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Knowing the amount of force that often is on my tiller, I wouldn't want to be relying on PU glue to hold it together where it previously broke.

As you note "properly cured" glue - depending on what kind of glue we're talking about - typically is stronger than the wood around it. That also requires a properly prepared surface for the glue joint, proper clamping pressure and proper (optimal) conditions (such as humidity, temp and cleanliness of the surfaces being glued).

And the fact that the glue is stronger than the wood adjacent to it means only that when the joint fails, it will do so adjacent to the glue line, rather than on the glue line itself. The wood adjacent to the glue joint will crack and split away and remain firmly glued to the glue joint.

It seems to me it depends on what kind of failure we're talking here (delamination versus a jacked, splintered break?).

But in general, if my tiller cracks or breaks, I almost certainly would just make another one - and perhaps reinforce the area down near the rudder head with a wrap of epoxy-infused fiberglass.

- Bill T.
- Richmond, VA

"Twenty years from now you will be more disappointed by the things you didn't do, than by the ones you did do. So throw off the bowlines. Sail away from the safe harbor. Catch the trade winds in your sails. Explore. Dream. Discover."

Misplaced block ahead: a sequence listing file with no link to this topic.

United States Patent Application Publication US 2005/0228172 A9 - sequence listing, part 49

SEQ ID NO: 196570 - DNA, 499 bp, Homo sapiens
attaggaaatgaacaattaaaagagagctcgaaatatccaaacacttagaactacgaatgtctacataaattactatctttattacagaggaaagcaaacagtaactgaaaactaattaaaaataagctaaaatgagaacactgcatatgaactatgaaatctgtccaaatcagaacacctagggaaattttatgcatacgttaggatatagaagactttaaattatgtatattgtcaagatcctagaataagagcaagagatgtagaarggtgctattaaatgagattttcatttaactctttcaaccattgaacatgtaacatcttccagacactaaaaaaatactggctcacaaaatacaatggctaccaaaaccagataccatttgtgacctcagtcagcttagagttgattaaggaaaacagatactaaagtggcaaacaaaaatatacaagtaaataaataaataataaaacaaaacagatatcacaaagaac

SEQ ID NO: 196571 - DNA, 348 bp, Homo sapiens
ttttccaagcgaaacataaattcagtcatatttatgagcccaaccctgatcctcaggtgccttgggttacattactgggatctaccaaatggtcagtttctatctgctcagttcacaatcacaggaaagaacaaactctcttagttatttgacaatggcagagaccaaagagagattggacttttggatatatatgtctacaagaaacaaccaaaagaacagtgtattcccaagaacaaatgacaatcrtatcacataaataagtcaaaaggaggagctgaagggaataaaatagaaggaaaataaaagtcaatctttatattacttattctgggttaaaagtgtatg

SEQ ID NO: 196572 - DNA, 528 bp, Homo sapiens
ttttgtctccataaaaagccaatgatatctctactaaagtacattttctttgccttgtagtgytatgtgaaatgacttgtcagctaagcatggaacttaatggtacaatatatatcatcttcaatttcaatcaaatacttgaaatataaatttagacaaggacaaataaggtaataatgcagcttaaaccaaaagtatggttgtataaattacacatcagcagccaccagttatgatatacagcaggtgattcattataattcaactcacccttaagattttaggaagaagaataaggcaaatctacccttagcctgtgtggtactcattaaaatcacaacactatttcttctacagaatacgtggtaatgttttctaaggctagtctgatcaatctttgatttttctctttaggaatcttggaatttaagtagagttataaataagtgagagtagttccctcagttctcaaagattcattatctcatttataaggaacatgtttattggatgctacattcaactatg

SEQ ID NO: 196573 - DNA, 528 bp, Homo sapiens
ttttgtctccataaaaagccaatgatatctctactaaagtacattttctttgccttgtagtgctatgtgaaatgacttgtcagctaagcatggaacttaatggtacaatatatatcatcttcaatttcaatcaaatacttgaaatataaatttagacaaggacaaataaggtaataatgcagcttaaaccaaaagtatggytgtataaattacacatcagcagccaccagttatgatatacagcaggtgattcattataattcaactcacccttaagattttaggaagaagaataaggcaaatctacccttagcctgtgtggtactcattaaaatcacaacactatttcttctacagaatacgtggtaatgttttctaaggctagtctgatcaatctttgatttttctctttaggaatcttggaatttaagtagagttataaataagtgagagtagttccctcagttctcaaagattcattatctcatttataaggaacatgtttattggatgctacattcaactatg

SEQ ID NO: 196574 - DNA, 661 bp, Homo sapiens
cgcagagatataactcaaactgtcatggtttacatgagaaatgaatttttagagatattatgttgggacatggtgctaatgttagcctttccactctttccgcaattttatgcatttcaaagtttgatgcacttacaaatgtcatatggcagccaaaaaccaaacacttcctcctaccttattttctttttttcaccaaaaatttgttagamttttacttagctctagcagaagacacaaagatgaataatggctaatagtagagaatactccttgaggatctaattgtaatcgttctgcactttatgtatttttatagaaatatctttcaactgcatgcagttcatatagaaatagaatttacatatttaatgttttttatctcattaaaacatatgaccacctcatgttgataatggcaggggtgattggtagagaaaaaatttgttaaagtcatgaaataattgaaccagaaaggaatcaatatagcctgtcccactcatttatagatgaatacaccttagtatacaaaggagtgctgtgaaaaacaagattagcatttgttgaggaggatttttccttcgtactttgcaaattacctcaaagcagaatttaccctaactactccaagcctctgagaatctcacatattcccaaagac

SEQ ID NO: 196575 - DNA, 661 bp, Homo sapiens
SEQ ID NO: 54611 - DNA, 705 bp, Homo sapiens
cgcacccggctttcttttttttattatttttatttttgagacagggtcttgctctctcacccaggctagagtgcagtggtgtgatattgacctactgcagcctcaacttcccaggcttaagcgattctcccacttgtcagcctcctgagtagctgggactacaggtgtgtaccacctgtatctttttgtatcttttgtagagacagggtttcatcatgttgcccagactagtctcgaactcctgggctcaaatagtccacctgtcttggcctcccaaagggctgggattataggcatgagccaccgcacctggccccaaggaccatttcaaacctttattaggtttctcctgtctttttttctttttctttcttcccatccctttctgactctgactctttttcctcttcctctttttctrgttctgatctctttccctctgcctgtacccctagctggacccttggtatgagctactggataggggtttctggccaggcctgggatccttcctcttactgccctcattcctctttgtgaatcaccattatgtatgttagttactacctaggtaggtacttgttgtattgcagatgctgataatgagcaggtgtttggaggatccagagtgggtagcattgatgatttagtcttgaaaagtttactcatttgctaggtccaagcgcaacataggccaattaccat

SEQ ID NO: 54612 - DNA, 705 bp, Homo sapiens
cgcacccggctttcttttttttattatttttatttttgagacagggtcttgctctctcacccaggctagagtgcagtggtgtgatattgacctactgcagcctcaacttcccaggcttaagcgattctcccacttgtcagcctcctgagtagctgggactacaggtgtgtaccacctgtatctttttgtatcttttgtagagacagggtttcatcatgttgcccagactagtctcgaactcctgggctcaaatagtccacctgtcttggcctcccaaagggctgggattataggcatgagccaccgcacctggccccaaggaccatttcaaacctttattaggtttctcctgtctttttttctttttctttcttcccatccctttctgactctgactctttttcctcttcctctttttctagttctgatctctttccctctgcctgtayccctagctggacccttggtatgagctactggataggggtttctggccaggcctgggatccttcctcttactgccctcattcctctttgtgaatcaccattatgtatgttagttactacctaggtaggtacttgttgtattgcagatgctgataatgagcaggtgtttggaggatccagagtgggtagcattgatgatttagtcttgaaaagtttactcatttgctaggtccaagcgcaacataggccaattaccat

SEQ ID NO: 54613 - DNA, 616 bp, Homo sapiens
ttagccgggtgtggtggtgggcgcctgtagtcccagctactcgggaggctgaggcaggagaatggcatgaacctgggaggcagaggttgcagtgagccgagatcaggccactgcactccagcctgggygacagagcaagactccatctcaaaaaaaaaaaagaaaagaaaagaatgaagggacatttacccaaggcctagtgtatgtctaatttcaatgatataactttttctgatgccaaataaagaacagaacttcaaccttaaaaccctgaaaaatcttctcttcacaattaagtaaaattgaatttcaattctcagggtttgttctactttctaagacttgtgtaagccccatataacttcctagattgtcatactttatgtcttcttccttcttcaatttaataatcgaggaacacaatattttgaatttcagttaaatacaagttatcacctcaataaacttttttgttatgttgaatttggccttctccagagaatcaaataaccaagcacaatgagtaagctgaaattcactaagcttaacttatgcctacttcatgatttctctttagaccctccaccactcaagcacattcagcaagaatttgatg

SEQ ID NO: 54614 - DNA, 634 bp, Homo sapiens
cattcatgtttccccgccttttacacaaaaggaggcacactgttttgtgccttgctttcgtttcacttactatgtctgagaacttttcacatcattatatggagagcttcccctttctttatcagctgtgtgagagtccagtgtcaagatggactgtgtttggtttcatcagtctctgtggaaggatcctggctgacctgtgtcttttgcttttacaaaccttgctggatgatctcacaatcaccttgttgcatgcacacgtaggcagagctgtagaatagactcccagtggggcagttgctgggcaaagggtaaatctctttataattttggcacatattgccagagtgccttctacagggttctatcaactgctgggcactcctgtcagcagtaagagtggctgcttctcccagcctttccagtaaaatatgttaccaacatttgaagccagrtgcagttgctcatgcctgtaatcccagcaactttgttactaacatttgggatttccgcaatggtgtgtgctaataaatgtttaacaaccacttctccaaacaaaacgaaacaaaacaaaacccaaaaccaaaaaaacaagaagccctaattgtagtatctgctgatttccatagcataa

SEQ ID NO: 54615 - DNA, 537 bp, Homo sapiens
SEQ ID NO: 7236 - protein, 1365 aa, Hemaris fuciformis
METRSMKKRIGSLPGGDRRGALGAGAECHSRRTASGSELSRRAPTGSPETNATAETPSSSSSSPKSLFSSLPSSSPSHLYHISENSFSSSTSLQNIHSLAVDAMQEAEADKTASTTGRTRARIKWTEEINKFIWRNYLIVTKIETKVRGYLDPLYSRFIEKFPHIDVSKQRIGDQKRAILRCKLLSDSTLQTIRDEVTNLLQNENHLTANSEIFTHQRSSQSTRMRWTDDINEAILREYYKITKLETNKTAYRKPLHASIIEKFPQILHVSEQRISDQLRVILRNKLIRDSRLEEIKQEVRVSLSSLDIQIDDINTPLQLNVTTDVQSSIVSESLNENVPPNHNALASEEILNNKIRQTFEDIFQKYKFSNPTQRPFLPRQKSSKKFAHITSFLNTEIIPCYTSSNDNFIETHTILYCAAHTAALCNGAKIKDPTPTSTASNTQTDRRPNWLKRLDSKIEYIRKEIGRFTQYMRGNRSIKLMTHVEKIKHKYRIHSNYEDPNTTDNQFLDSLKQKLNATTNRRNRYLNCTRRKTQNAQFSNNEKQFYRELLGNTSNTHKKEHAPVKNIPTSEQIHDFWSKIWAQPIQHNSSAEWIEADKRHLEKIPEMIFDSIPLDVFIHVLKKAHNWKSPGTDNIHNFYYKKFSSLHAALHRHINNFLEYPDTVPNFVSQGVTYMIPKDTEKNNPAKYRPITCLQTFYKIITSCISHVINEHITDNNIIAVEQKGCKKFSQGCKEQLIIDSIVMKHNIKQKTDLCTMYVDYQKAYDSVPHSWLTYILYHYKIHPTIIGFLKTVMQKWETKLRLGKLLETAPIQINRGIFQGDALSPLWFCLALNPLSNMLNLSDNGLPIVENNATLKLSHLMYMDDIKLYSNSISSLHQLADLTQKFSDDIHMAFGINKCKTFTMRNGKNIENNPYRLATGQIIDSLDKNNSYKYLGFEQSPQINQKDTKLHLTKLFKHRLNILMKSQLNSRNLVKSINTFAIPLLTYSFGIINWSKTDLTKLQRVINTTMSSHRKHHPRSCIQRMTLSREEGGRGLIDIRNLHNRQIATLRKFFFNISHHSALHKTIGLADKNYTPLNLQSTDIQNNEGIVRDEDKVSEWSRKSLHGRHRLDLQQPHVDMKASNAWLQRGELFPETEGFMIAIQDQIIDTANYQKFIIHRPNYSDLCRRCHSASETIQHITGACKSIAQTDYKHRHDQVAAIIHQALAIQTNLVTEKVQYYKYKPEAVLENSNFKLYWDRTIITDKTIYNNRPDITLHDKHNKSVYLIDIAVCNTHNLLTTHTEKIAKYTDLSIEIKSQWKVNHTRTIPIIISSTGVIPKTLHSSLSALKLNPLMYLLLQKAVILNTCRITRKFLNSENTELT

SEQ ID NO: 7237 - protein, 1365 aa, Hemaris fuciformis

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post #7 of 11 Old 07-11-2011
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As much as i like making stuff when you can buy a nicely finished laminated tiller for 85 dollars YOU really have to have a bunch of GOOD wood laying around for free

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post #8 of 11 Old 07-11-2011
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True, but only small strips are required, the right length of course. It is one of the easiier items to make for a boat. Now a wheel, that would be tougher.

Brian
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post #9 of 11 Old 07-11-2011
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Quote:
Originally Posted by tommays View Post
As much as i like making stuff when you can buy a nicely finished laminated tiller for 85 dollars YOU really have to have a bunch of GOOD wood laying around for free
Which I do (having been um, "collecting" (i.e., hoarding) wood for many years now).

Plus it would be a fun and easy project, and I could customize it and have a tiller that is not just "off the shelf" like everyone else's.

- Bill T.
- Richmond, VA

"Twenty years from now you will be more disappointed by the things you didn't do, than by the ones you did do. So throw off the bowlines. Sail away from the safe harbor. Catch the trade winds in your sails. Explore. Dream. Discover."
- Mark Twain
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post #10 of 11 Old 07-11-2011
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My thoughts exactly.

Brian
Living aboard in Victoria Harbour